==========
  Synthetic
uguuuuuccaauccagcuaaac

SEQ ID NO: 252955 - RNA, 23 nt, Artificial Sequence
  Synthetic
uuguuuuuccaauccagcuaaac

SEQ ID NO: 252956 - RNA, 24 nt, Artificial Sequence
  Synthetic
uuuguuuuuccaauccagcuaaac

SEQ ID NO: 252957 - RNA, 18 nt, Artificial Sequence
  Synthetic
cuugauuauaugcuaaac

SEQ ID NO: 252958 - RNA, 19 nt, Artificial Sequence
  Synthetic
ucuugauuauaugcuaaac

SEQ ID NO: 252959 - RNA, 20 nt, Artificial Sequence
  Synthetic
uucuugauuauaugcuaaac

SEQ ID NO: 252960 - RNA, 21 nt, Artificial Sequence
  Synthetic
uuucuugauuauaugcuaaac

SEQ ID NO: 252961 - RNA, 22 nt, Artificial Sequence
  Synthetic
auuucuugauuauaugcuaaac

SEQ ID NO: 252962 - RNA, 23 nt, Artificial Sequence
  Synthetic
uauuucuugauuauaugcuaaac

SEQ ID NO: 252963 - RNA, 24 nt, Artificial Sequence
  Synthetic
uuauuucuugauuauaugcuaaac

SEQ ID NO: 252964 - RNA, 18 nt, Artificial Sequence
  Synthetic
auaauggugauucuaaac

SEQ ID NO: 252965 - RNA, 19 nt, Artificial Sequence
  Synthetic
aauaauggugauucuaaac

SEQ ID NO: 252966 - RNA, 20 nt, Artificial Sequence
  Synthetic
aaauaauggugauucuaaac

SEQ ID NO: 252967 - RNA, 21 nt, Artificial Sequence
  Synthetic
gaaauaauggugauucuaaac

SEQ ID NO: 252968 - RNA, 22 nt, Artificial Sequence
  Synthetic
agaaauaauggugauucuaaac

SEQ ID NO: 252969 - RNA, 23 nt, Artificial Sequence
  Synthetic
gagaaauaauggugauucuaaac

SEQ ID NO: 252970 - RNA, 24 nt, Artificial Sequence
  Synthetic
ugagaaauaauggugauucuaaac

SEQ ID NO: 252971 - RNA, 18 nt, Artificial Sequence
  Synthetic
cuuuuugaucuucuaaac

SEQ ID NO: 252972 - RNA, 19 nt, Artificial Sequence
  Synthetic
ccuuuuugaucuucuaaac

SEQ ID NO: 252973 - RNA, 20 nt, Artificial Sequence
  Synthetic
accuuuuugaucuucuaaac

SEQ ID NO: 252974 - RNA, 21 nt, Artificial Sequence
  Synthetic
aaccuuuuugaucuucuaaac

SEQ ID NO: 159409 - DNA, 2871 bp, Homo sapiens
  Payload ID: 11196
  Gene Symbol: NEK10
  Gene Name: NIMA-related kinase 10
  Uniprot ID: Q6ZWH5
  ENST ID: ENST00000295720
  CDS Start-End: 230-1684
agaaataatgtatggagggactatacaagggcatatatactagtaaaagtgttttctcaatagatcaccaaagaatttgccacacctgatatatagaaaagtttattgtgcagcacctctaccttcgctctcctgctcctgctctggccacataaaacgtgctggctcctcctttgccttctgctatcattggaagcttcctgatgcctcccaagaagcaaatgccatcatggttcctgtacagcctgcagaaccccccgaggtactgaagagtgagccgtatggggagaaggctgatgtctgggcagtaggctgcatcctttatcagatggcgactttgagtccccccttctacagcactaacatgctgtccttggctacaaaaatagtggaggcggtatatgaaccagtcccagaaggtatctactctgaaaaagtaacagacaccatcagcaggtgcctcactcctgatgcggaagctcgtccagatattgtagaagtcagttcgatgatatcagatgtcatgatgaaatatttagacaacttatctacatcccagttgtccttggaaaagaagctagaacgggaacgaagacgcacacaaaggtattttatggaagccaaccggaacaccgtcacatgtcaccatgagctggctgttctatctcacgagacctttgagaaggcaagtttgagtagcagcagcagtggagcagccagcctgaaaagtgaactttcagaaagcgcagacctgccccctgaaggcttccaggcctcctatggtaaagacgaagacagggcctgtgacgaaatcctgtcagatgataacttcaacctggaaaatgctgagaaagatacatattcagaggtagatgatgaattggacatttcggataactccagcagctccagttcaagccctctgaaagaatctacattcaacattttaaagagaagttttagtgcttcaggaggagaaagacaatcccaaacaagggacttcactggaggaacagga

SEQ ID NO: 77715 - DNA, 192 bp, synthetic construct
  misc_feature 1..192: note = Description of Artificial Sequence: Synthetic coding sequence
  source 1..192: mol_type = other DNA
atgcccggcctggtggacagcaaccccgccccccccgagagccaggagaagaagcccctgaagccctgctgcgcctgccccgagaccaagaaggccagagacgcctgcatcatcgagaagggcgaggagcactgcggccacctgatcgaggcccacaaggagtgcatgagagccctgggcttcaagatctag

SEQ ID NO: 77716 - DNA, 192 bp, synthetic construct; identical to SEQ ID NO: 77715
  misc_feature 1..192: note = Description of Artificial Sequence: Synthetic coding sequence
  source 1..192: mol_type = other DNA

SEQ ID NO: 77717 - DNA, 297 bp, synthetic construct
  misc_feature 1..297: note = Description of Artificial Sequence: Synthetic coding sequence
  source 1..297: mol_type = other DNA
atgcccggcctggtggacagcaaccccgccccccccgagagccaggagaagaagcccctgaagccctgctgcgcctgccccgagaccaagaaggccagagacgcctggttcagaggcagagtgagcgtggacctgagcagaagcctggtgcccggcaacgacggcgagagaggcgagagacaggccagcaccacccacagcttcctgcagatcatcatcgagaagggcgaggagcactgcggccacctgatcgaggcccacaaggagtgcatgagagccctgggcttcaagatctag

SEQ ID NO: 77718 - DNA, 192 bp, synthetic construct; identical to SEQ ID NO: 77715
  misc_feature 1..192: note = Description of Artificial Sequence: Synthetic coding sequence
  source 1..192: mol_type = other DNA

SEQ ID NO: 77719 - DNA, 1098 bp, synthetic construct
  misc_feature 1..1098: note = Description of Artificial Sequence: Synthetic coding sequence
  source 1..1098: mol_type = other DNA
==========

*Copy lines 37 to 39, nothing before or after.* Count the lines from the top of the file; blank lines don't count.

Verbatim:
  Synthetic
aaauaauggugauucuaaac

SEQ ID NO: 252967 - RNA, 21 nt, Artificial Sequence